News BMW R nineT Scrambler - Unveiled

BMW R nineT Scrambler – Unveiled

BMW R nineT Scrambler

BMW R nineT Scrambler - Unveiled
BMW R nineT Scrambler

Since the launch of the 2015 Ducati Scrambler, a rebirth of popularity was instilled into the scrambler name. For baby boomers, the scrambler likely brings back the image of up-swept exhaust and the desert, along with names like Steve McQueen and Triumph.

For Generation X and the Millenniums, a much hipper image surfaces, one that’s rooted in nostalgia. Most OEMs understand this, and waste no time – a missed trend equals missed sales. BMW is one of those OEMs that understands, and has unveiled its new R nineT Scrambler – a bike that mates the styling of the 1970s with modern technology of its air/oil-cooled 1170cc boxer engine and safety enhancements such as ABS.

The 2016 BMW R nineT Scrambler does have some roots in the original scrambler era, also; the BMW R 68 was released in 1951, and raced by BMW Motorrad legend George “Schorsch” Meir. BMW says “while the standard version of the R 68 had a conventional exhaust installed in a lower position, the raised exhaust version was already available back then as a BMW Motorrad accessory. To this day, some owners of this highly valuable post-war BMW Motorrad classic still like to retrofit the special Scrambler-style exhaust.”

Based on the R nineT Roadster designed with the help of Roland Sands, the R nineT Scrambler’s boxer produces 110 horsepower at 7,750 rpm and 86 ft/lbs of torque at 6,000 rpm. The engine breathes through typical scrambler-styled pipes, the up-swept left-side mounted exhaust completing the retro styling of the R9T Scrambler.

BMW R nineT Scrambler colorThe BMW Scrambler’s steep tubular frame uses the engine a load-bearing element, and the bike features a traditional telescopic front fork with 4.92 inches of travel up front. Out back, the BMW Scrambler uses a Paralever setup with a single-sided swingarm that offers 5.5 inches of suspension travel.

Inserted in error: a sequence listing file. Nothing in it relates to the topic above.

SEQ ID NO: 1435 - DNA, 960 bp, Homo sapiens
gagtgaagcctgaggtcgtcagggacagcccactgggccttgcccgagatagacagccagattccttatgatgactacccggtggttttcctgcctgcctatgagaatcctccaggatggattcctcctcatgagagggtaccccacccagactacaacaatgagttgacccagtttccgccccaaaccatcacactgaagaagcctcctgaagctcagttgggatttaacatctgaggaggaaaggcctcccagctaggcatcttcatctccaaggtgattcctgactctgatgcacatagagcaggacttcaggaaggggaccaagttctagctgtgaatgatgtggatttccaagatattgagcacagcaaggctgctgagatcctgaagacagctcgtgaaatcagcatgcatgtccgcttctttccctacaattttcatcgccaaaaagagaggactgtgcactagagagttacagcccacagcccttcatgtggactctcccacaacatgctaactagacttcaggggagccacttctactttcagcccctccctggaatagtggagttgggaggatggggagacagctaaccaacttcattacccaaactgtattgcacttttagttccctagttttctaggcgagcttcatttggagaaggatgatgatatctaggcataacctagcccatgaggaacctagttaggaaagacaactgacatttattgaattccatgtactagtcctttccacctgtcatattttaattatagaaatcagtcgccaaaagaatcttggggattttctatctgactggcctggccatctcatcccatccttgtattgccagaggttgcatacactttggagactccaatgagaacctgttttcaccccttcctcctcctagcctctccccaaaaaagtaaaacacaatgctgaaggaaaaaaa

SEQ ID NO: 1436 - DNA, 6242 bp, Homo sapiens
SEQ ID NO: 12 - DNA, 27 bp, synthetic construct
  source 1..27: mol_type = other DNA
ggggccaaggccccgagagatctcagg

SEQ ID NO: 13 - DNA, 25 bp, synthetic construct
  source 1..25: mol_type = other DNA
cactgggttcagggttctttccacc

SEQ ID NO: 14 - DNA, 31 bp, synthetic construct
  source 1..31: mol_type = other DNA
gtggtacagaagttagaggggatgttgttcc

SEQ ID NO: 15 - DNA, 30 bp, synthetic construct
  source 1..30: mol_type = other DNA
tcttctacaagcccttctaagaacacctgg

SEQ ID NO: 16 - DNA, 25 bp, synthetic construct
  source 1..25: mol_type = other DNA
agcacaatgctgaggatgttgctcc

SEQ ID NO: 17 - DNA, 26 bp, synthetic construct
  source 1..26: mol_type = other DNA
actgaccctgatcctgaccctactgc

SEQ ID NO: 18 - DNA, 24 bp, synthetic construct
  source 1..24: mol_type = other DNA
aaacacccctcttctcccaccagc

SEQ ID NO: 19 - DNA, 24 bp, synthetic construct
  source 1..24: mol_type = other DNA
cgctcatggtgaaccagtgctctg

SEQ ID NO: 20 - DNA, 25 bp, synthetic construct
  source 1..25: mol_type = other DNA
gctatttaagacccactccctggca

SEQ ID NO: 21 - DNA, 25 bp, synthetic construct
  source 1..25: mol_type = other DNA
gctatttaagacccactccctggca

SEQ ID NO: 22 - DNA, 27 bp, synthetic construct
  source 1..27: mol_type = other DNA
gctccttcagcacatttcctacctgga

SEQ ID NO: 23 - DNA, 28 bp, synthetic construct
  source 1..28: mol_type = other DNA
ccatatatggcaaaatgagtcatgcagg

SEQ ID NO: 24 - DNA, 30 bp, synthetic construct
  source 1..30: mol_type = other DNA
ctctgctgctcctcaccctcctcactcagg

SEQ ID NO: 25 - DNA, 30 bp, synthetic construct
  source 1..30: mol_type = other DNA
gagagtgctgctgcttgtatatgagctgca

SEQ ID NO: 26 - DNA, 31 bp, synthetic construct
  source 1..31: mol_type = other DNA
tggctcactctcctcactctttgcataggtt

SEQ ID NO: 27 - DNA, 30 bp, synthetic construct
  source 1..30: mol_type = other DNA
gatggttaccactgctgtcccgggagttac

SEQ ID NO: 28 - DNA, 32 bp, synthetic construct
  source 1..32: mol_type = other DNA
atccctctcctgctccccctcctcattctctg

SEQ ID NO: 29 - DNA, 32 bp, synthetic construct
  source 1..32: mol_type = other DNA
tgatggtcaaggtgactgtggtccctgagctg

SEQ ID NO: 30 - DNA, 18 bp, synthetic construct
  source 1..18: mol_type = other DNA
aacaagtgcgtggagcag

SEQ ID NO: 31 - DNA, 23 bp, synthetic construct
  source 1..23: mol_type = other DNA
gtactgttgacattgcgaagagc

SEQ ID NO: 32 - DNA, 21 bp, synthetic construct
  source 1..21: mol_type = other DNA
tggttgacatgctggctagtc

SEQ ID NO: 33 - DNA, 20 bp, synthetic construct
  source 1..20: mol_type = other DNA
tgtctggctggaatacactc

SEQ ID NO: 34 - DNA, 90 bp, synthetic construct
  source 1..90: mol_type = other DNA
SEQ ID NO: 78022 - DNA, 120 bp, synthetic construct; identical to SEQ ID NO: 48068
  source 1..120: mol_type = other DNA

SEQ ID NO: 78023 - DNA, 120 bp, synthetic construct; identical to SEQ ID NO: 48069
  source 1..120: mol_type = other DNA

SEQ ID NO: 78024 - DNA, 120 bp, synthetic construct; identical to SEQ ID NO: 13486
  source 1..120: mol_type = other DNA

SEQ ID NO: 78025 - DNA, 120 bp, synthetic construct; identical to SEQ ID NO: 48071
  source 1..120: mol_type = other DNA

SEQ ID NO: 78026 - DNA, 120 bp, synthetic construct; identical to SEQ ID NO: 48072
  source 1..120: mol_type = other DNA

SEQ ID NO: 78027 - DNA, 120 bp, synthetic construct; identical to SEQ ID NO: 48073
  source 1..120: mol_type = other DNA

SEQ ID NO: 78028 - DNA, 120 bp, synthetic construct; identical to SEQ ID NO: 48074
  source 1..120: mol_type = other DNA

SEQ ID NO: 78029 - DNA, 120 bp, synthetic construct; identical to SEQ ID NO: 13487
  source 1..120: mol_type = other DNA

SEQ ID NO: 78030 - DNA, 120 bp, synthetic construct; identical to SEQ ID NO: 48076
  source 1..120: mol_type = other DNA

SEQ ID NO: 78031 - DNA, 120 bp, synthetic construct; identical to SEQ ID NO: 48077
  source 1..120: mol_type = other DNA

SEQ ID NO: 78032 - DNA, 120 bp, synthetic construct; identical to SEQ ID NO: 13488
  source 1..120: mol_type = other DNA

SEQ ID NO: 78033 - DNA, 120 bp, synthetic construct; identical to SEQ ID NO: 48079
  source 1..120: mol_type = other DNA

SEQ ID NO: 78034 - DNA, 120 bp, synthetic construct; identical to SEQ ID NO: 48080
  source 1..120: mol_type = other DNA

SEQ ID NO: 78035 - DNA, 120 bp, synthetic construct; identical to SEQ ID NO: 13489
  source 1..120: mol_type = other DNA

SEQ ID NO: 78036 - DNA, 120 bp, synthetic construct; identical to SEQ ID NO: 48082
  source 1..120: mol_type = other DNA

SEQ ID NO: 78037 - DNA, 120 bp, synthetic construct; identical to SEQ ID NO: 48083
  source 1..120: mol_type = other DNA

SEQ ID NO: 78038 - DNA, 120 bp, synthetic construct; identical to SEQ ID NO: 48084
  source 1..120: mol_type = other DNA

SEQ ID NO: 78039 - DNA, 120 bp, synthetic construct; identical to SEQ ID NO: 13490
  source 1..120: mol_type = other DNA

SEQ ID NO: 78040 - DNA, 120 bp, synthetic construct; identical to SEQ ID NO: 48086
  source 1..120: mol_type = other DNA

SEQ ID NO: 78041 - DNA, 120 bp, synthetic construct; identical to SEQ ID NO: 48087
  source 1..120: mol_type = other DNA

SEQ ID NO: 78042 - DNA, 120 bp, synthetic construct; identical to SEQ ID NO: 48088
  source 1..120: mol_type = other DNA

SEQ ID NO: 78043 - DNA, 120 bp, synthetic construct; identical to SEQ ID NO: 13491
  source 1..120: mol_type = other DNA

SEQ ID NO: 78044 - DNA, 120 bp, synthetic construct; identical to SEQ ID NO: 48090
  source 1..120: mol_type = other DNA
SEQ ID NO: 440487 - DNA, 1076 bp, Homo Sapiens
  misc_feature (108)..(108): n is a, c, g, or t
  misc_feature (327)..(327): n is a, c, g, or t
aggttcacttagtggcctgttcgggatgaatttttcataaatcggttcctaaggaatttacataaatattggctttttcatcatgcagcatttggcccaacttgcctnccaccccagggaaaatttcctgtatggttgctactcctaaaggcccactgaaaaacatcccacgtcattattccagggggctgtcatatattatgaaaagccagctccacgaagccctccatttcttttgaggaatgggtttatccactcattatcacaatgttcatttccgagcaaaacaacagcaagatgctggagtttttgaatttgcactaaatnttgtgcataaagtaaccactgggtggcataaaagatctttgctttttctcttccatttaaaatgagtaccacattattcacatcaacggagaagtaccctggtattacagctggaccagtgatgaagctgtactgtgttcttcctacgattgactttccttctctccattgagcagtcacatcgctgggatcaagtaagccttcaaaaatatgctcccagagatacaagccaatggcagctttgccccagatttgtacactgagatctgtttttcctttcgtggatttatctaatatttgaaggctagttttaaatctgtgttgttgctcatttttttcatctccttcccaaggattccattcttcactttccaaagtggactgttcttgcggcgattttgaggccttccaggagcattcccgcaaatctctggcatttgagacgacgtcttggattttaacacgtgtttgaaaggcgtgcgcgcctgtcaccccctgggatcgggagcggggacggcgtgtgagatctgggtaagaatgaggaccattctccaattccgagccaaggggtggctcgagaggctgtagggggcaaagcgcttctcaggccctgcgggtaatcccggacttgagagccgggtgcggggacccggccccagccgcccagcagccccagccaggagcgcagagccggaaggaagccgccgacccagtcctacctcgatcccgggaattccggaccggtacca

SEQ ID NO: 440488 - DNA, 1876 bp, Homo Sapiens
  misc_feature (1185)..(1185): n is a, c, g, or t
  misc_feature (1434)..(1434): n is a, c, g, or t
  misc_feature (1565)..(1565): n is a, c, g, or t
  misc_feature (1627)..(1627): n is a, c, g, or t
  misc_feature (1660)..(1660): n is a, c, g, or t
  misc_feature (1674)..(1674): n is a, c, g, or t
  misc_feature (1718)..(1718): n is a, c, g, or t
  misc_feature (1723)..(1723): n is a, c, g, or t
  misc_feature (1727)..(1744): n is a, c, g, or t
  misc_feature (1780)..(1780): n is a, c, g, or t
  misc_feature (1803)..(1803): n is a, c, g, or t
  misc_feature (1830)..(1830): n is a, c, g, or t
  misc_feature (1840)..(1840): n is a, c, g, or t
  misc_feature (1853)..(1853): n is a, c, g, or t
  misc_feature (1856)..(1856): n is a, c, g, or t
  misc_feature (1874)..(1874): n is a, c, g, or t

The R nineT Scrambler rolls on alloy cast wheels with tire sizes of 120/70-19 at the front and 170/60-17 at the rear. Stopping the 2016 BMW R nineT Scrambler are dual 320mm discs up front squeezed by four-piston calipers, and a 265mm rear disc squeezed by a two-piston caliper. ABS is standard.

The 4.5-gallon sheet-style fuel tank and the various aluminum trim enhances the classic look, along with the only paint finish offered on the BMW R nineT Scrambler – Monolith Metallic Matte.

BMW released the price in September 2016–$13,000, roughly $2,000 less than the R nineT.

Following are highlights and a photo gallery of the 2016 BMW R nineT Scrambler:

2016 BMW R nineT Scrambler Highlights:

  • Purist design
  • Classic color concept
  • Stitched seat in patinised leather look
  • Workmanship with great attention to detail
  • Air/oil-cooled 2-cylinder boxer engine with a capacity of 1170 cc. Output 81 kW (110 hp) at 7 750 rpm, maximum torque of 86 ft/lbs at 6 000 rpm
  • Designed to be customized
  • Modular frame concept with removable passenger frame offering a range of variations
  • Classic wheel suspension by means of telescopic fork at front and Paralever at rear
  • Large 19-inch front wheel as is typical of a Scrambler
  • Upright seating position in classic Scrambler style
  • Raised exhaust fitted close to the body with twin silencer
  • Axially mounted 4-piston brake calipers, steel-wrapped brake lines
  • 320-millimeter brake discs and ABS
  • Individually tailored special accessories in the familiar high quality typical of BMW Motorrad

2016 BMW R nineT Scrambler Photo Gallery



Ron Lieback
Ron Lieback
One of the few moto journalists based on the East Coast, Ron Lieback joined the motorcycle industry as a freelancer in 2007, and is currently Online Editor at Ultimate Motorcycling.

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